With a title that promises guilty-pleasure reading, Body Language In The Workplace is a fun though fairly superficial exploration of exactly what it 'says on the can'. On the one hand, it thankfully eschews any of the threatening or baffling jargon of similar titles. On the other hand, it all too often states the obvious.
However, in the frenetic Hong Kong workplace, common sense is frequently the first casualty in the headlong pursuit of profitability. And so, as rudimentary as this work appears, it has its place and its uses.
This study will, for the most part, reinforce what you have always known, and make you chuckle or sigh at the obvious pitfalls and traps you have fallen into at those times when you were not at your most switched on, so to speak.
Who would benefit most from this book? Among the leading candidates are graduates entering the workplace for the first time, inexperienced managers, and indeed any working person who wants to read, in a leisurely fashion, about the office jungle where life is unfair, the weirdest rules apply, and to challenge them too robustly is to condemn oneself to another few weeks of watching day-time TV and scouring the daily's jobs section.
In short, Body Language In The Workplace is light-hearted, but is also astute, and sprinkled with gems that are worth repeating to yourself when in the meeting that appears to be going horribly wrong - that is to say, not going your way.
Divided into seven thematic chapters - job interviews, persuasive presentations, office politics, the secrets of the super-successful, and the like - this work will confirm your worst fears.
Yes, job interviews are usually really all over within 15 seconds, and based on personal attraction or lack thereof. And tall people get most of the breaks and statistically reap the greatest financial success.
The only real questionable advice the authors give is that guys should not sport a goatee to a job interview. Interestingly, as a goateed individual, I've aced half a dozen interviews with my irresistible Trotskyite look and wily charm.
There is an abundance of information provided here on the remarkably complicated business of shaking hands. 'A good handshake can be the difference between a career boost and career suicide,' the writers assert, before looking at 'the firm handshake', 'the submissive handshake', 'the bonecrusher', the 'double-hander' (useful for a female to disarm an aggressive male corporate warrior), and 'the wet-fish'.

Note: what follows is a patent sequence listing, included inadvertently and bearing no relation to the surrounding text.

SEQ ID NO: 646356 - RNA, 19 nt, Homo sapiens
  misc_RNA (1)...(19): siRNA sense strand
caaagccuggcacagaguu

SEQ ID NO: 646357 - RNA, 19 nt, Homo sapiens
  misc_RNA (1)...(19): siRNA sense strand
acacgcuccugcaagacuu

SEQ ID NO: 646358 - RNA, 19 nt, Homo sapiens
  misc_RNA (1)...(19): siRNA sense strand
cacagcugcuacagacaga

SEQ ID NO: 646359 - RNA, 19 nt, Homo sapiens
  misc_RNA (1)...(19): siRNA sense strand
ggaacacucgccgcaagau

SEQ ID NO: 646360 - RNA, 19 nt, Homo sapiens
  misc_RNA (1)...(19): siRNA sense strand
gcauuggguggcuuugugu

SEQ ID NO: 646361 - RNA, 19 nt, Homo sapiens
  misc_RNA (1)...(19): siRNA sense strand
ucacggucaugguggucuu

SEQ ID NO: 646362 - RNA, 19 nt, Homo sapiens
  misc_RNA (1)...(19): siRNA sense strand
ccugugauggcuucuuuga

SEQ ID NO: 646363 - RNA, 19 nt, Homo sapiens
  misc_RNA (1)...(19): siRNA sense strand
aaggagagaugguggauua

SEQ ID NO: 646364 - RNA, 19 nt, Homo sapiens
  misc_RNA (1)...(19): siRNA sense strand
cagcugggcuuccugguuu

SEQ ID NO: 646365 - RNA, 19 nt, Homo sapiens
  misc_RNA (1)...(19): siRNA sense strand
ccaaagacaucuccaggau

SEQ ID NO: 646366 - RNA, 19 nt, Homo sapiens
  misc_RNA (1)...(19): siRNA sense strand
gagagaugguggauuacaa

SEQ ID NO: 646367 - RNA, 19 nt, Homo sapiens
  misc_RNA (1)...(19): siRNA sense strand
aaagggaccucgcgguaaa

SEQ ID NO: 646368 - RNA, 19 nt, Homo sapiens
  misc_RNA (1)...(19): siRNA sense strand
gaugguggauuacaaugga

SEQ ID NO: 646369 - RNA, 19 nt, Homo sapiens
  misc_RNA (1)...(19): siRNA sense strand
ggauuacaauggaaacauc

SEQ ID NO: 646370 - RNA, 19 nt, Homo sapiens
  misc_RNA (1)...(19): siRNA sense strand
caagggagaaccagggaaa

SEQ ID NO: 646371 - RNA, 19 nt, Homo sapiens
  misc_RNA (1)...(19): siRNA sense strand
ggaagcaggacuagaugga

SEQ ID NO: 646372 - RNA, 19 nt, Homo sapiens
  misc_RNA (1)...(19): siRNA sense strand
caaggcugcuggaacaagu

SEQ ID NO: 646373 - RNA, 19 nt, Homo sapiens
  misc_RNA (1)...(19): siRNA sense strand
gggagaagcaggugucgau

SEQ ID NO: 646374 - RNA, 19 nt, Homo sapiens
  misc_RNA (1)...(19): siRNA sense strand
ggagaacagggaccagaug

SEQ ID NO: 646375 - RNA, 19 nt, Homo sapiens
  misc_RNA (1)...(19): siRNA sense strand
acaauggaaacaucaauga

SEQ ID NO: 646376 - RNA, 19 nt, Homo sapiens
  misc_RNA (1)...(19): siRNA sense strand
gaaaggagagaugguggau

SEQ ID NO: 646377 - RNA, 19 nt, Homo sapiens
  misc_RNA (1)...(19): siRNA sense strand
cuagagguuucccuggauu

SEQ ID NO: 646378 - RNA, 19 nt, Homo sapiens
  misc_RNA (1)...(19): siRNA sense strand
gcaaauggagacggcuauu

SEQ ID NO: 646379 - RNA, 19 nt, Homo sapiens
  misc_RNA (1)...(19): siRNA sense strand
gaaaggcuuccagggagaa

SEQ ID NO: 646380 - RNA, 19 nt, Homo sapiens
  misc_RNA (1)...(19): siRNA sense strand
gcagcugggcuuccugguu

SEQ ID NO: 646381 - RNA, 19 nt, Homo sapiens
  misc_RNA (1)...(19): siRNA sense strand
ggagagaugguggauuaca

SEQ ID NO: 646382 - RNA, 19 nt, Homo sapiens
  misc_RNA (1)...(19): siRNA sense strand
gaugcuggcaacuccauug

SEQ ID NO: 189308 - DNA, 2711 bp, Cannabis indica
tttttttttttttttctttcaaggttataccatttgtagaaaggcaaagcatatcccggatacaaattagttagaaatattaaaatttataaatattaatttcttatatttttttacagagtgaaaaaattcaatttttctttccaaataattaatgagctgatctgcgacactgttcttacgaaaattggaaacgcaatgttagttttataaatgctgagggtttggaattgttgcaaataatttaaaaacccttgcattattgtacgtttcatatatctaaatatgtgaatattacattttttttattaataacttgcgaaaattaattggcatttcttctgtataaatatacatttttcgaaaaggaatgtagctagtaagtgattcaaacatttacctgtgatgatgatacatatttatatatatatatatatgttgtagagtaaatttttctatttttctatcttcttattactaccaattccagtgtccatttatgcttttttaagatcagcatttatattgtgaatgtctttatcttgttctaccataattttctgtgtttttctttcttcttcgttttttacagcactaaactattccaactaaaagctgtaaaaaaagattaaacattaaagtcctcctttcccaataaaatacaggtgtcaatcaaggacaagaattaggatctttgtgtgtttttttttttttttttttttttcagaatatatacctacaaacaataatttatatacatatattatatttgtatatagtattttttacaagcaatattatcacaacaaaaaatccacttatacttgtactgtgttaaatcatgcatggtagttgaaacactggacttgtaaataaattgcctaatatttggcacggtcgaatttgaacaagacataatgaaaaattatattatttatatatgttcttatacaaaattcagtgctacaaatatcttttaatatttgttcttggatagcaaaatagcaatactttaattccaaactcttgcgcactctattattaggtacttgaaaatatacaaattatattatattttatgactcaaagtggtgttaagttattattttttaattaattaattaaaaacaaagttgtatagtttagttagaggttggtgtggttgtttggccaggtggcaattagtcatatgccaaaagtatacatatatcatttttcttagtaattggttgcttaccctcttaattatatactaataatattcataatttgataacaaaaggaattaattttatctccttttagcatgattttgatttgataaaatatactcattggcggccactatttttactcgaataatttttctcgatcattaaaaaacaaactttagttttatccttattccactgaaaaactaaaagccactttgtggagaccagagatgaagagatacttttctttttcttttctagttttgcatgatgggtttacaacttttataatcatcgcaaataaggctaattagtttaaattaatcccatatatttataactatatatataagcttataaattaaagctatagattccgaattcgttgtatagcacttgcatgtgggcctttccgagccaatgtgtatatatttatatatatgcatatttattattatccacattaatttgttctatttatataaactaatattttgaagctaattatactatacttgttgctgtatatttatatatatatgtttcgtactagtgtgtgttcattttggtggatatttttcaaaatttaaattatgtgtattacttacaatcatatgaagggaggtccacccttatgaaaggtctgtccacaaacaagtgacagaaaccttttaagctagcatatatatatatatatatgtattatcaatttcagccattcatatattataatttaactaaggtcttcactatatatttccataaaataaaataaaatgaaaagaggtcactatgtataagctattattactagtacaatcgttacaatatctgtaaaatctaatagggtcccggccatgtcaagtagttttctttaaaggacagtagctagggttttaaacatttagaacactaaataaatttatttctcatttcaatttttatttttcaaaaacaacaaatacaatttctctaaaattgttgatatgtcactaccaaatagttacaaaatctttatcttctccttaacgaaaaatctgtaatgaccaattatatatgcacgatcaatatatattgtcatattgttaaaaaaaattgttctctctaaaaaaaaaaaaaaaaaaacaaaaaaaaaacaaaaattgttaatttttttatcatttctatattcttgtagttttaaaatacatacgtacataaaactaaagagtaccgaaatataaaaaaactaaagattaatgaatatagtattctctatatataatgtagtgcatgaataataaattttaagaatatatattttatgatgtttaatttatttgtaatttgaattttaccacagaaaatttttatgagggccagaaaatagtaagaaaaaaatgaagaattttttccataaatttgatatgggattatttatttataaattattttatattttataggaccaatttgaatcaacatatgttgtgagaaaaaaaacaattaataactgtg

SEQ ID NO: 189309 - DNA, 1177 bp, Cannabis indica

Examining eye movements, Body Language In The Workplace, touches on neuro-linguistic programming (NLP), and suggests harnessing its power, but then simply advises the reader to delve into more specialised books on the subject. This is pretty lame, considering what a powerful mind-reading tool NLP can be.
The Peases gratifyingly come down against using nonsensical and cliched corporate-speak like 'pushing the envelope', 'moving forward', 'thinking outside the box', and 'blue-sky thinking'.
There's a chapter on 'Globalisation: The Perils And Pitfalls', which highlights how Westerners - and the Chinese, Indians, and other ethnicities - can inadvertently tread on each others' personal space and other concerns. This is particularly helpful in multicultural Hong Kong. There's a couple of zingers here too, such as: 'When doing business in Japan, make sure your shoes are spotlessly clean and in good condition. Every time a Japanese businessman bows, he inspects them.'
Body Language In The Workplace is woefully brief, given the vast scope of its subject, with rather too much white space, and some amateurish cartoons and illustrations. But there's enough good advice here to keep you out of trouble until the next office bloodbath.
Book Body Language In The Workplace
Author Allan and Barbara Pease
Project a positive demeanour and extend a firm handshake
Know when to maintain eye contact and when to look away
Subtly mirror the body language of your colleagues and associates
Avoid using outdated business jargon such as 'moving forward'
Purchase the latest hand-held technology to look professional
Drink in moderation at office parties